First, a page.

Are middle managers necessary? What are some ways to get around a top-down structure?
In Reinventing Organizations, Frédéric Laloux describes “teal organizations.” The most radical departure of these visionary organizations from modern structures is the elimination of the top-down pyramid. They aren’t “flat” but fluid, with complex interrelationships determining how power and resources are shared.
Read more to learn about three different structural approaches that non-hierarchical organizations use based on their size and the nature of their work.
Some non-hierarchical organizations are divided into small, autonomous teams who work in parallel. For example, Laloux describes the Dutch nursing company Buurtzorg, whose employees work in self-governing teams serving patients at home in defined geographic areas. Instead of middle managers, Buurtzorg has “team coaches” who advise local groups but cannot make decisions. Team members perform organizational staff functions, such as bookkeeping and human resources, instead of relegating them to a central office.
|The Buurtzorg Model|
A 2022 study reported on nursing companies outside the Netherlands that were attempting to copy Buurtzorg’s success. These companies reported improved care and relationships with their patients while building stronger networks with other healthcare professionals. However, full implementation of self-managed nursing also requires a great deal of training on non-nursing duties as well as some changes to national healthcare policies.
Non-nursing companies employing aspects of Buurtzorg’s autonomous team structure include FedEx and 3M. FedEx found that self-managed teams increased employee motivation and engagement. 3M experimented with levels of team autonomy and found that peak efficiency came from striking a balance between autonomy and managerial control.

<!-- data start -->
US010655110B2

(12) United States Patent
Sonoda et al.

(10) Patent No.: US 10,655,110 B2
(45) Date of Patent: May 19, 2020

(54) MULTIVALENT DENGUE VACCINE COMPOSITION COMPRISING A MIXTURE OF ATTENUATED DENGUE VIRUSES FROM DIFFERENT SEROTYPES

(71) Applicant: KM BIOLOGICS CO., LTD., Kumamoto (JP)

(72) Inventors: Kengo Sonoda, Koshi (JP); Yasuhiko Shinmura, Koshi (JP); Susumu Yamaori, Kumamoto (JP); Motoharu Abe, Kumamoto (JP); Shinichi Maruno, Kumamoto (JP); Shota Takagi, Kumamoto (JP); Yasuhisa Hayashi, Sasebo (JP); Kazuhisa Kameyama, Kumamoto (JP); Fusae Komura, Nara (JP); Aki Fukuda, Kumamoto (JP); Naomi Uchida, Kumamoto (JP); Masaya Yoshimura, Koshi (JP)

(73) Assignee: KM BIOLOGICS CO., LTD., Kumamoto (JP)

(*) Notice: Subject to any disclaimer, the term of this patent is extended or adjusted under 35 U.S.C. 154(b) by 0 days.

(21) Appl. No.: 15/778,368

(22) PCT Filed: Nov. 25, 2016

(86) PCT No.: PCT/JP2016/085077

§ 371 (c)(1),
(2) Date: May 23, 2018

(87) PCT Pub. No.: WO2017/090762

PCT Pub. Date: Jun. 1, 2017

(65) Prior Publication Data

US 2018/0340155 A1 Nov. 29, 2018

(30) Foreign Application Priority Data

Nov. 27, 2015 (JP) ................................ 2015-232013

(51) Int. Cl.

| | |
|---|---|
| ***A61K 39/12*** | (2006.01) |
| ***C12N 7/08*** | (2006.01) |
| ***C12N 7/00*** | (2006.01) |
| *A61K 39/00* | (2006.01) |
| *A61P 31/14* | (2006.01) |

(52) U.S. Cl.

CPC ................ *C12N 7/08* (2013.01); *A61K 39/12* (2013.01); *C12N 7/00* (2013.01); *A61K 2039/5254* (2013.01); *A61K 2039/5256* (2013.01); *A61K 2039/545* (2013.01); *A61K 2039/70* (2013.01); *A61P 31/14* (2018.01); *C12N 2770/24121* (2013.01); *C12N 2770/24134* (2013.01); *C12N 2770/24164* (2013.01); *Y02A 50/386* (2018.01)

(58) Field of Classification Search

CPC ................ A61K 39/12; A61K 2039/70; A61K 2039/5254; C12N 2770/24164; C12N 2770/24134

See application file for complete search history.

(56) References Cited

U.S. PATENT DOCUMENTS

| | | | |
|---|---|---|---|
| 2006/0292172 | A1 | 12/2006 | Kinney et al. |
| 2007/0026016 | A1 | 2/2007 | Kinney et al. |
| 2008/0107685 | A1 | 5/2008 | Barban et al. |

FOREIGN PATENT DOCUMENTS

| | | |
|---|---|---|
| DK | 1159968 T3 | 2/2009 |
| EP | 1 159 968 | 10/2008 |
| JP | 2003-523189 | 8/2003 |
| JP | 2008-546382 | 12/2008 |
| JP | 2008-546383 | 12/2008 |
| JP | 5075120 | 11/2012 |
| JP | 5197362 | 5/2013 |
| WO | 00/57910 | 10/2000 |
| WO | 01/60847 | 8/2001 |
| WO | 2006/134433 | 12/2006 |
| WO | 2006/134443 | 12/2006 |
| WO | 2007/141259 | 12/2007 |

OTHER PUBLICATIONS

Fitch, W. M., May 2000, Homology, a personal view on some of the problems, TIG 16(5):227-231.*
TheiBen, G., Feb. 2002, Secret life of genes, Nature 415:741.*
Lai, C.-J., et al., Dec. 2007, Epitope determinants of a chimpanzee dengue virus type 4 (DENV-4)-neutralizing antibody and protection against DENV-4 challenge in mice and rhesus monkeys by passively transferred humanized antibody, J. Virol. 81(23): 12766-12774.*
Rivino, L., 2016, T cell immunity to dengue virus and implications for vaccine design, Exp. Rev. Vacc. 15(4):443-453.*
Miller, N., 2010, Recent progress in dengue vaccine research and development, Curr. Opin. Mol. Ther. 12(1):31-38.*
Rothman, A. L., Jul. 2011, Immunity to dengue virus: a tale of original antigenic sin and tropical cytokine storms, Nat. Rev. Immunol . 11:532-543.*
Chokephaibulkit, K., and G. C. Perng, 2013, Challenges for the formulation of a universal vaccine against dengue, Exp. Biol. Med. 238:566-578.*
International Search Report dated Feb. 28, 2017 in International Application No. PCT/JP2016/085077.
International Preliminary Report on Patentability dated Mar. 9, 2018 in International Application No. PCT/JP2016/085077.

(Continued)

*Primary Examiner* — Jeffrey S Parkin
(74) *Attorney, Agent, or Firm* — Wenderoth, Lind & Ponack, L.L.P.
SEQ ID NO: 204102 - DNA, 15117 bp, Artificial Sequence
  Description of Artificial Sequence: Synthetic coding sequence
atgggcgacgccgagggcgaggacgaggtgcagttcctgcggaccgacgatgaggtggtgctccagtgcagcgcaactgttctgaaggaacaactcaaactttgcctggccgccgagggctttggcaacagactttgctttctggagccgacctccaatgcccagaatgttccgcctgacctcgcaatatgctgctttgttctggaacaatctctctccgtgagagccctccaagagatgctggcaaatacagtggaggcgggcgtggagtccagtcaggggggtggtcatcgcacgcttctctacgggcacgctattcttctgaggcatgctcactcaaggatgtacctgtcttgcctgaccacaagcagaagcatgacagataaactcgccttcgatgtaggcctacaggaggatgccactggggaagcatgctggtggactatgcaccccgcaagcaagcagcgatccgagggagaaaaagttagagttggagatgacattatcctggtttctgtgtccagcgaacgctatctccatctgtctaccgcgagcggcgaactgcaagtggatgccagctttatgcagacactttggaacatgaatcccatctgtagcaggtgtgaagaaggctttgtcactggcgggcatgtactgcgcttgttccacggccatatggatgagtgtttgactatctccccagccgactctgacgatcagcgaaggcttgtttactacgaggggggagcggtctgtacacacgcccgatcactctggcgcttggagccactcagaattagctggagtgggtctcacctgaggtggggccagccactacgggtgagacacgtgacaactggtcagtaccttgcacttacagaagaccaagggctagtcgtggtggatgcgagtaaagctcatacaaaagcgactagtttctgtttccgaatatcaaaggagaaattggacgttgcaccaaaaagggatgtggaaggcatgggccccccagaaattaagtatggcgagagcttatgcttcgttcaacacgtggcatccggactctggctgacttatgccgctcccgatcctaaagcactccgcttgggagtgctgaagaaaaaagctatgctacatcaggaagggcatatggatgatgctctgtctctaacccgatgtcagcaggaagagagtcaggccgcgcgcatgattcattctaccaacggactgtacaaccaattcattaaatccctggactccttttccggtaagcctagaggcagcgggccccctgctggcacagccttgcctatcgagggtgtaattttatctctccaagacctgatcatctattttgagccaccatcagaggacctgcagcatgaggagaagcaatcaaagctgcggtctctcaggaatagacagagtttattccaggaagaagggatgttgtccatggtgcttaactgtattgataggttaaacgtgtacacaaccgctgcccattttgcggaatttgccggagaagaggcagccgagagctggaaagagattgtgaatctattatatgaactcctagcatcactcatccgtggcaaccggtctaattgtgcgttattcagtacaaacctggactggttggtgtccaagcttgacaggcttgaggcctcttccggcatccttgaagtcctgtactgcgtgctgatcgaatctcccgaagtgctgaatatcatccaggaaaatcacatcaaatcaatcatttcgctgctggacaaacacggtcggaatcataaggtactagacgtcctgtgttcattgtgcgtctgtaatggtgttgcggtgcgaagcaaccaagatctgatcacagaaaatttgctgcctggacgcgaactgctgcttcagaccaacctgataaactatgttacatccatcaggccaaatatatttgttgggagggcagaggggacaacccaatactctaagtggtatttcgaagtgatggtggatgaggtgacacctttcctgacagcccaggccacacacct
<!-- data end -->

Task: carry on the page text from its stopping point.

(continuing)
The individual contractors who make up this type of non-hierarchical organization negotiate their roles and define their duties through one-on-one agreements. Laloux explains that these agreements are formalized into written commitments that the members of the organization make to each other. For example, at the agricultural company Morning Star, employees formulate personal mission statements that encompass the roles they plan to take on. They negotiate these commitments with members of their teams as well as workers from other divisions.
(Shortform note: Proponents of this approach claim that management is the most inefficient component of a workplace. A 2011 article inspired by Morning Star’s business model describes management as a “tax” on the organization that increases the risk of large-scale, poor decisions. Morning Star’s system of one-on-one contracts provides a web of checks and balances that reduces the likelihood of catastrophic error. However, Brian Robertson, founder of Holacracy [see below] says that Morning Star’s model is difficult to duplicate because its practices are enforced by that company’s specific cultural norms.)
The non-hierarchical organization recommended by the Holacracy management system involves nested teams that work together when full autonomy isn’t possible. In this system, Laloux explains, groups of different sizes and authority take shape to address different levels of responsibility—a team of members from all parts of the company pursues the organization’s overall purpose, while smaller teams focus on specific aspects of it. One company that adopted Holacracy’s model was the online shoe retailer Zappos.
(Shortform note: Laloux’s description of Zappos comes from 2014; by 2020, Zappos reverted to a management-oriented approach. Zappos’ new structure divides the company into teams that function as small businesses within the larger organization. Zappos explains that they adapted to reflect the real-world marketplace.)